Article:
She could never take back what she had done, but at least she could explain why, apologize, and take some responsibility for what she had done. Then maybe, just maybe, I could trust her enough to tel her about Daniel.

I spent the night in a fitful sleep, nodding off only to jolt upright in bed, my body in constant upheaval. I’d study the clock to find only minutes had passed between each unwelcome arousal, and I was never able to settle into comfort. I’d hoped to sleep away most of the morning, or else I’d be pacing the floors, waiting her arrival. Finally, I gave up and hauled myself out of bed at six-fifteen. The sky was still dark, the roads still silent on this early Sunday morning. I wrapped myself in my satin robe. Thanks to the lack of sleep and my frayed nerves, I was all too eager for my morning pot of coffee. It was going to be a very long day.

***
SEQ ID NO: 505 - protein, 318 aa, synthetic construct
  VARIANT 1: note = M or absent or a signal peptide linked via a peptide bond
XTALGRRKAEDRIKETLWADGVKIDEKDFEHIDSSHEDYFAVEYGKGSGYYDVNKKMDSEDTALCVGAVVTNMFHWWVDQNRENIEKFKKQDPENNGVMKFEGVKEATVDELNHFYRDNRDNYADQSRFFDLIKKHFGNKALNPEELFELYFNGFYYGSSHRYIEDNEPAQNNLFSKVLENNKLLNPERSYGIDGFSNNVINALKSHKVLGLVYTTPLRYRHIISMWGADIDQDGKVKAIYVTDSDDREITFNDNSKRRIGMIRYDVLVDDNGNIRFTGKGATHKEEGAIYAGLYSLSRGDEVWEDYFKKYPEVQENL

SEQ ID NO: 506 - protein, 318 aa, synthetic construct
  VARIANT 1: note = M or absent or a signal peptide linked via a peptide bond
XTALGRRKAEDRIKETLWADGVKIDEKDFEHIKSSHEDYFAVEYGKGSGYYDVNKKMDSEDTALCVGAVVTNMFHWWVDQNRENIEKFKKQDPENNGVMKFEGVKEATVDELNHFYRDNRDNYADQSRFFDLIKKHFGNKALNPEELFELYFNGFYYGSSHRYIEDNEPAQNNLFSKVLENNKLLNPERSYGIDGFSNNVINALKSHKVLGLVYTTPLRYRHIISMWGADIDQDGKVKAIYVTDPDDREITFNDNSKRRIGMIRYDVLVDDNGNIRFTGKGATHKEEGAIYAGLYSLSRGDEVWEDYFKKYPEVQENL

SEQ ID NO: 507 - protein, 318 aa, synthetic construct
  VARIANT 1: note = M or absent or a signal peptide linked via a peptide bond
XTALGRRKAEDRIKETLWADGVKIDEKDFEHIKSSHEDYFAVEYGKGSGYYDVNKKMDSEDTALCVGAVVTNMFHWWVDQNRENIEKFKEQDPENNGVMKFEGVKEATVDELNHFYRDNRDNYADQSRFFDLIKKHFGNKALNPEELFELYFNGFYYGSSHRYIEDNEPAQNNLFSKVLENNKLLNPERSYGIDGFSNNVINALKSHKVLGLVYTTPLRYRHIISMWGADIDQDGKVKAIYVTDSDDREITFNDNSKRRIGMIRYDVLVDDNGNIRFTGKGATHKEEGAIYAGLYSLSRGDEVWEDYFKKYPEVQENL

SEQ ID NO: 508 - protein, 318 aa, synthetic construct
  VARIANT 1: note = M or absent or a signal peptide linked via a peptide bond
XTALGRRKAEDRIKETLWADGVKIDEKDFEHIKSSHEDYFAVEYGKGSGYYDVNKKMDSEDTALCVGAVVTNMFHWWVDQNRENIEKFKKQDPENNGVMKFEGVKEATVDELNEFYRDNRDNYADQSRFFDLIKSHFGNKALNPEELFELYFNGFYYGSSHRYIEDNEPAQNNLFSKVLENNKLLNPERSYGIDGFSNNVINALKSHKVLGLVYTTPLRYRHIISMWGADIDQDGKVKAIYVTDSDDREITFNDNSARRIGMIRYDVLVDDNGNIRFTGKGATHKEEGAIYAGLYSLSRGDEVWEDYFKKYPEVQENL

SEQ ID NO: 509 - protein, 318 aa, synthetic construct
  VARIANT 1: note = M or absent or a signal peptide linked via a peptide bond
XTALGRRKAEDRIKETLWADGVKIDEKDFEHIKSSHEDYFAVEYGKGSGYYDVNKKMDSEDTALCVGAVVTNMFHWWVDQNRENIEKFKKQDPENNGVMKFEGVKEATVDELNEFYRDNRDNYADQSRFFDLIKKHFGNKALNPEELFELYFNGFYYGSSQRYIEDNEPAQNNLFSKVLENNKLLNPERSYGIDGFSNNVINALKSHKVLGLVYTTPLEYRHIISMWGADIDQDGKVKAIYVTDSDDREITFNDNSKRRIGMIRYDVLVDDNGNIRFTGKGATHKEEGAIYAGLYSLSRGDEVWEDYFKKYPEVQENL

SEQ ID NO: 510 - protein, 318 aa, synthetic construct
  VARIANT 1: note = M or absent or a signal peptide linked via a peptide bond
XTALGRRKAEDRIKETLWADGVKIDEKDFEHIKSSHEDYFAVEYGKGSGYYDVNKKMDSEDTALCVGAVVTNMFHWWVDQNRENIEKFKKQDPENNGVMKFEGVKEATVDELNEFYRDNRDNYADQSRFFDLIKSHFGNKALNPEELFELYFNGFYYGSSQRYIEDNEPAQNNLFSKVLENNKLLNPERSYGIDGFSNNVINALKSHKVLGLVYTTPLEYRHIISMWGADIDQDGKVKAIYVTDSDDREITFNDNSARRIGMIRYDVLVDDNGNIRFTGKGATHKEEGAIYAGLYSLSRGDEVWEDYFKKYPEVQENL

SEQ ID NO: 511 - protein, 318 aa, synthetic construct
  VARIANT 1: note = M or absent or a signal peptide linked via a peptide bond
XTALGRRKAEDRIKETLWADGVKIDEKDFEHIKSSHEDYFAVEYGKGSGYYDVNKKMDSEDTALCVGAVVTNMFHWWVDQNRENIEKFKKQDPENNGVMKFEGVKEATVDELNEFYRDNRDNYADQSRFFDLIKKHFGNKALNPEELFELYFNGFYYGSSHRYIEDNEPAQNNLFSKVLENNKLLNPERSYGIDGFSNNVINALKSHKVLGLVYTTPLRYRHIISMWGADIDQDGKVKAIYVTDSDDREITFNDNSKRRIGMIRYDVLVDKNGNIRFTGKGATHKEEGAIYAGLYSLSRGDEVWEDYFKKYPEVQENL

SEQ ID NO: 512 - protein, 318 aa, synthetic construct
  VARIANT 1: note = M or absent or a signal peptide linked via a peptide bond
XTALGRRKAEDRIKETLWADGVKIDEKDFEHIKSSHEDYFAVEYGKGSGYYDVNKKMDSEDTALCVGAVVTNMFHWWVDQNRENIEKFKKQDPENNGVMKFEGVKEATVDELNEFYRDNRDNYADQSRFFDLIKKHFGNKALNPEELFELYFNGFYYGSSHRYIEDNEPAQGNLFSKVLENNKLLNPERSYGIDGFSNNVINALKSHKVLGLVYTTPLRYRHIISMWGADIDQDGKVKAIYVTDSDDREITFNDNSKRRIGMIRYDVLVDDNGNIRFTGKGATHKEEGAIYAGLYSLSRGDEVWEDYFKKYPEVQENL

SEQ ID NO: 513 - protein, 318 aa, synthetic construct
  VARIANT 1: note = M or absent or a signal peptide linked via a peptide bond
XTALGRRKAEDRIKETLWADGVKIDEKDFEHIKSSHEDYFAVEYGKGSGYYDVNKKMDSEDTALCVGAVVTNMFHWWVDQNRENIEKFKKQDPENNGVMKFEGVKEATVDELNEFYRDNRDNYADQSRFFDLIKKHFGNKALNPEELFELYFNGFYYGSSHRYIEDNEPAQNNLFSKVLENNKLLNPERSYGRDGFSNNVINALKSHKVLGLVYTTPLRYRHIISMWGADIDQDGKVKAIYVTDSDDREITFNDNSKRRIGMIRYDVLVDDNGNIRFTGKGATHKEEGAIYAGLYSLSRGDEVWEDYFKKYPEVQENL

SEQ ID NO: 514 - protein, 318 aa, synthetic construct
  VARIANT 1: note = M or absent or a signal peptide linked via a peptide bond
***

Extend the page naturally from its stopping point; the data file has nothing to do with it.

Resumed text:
After Nicholas left to play golf, I busied myself with smal chores around the house. I organized my office desk and sifted through e-mails. I cleaned out the refrigerator and cooked a little—anything to keep my hands busy. My eyes constantly watched the clock, willing it to move faster. I hated feeling so agitated. I mean, my mother was coming to visit; I should be thril ed, not filled with so much worry and apprehension, which only grew as afternoon approached. I just couldn’t help it; there was too much riding on this visit.

At just after four-thirty, the doorbel rang. I raced across the living room, only to stop in front of the door, giving myself an internal pep talk. “It’s going to be okay.

She wants this as much as you. She’s your mother.” My hand trembled against the knob. “Open the damn door, Melanie!” I screamed at myself. I inhaled deeply, finding enough strength to turn the knob, and stood back to all ow the door to swing open. I stifled a sob that had gathered in my throat when I saw her. My feet were frozen, unable to move as her gaze met mine.

Mom. I had missed her more than I ever understood until this very moment. She stood in front of me, her hair piled on top of her head and streaked with gray, her waist noticeably thicker, and her eyes sad.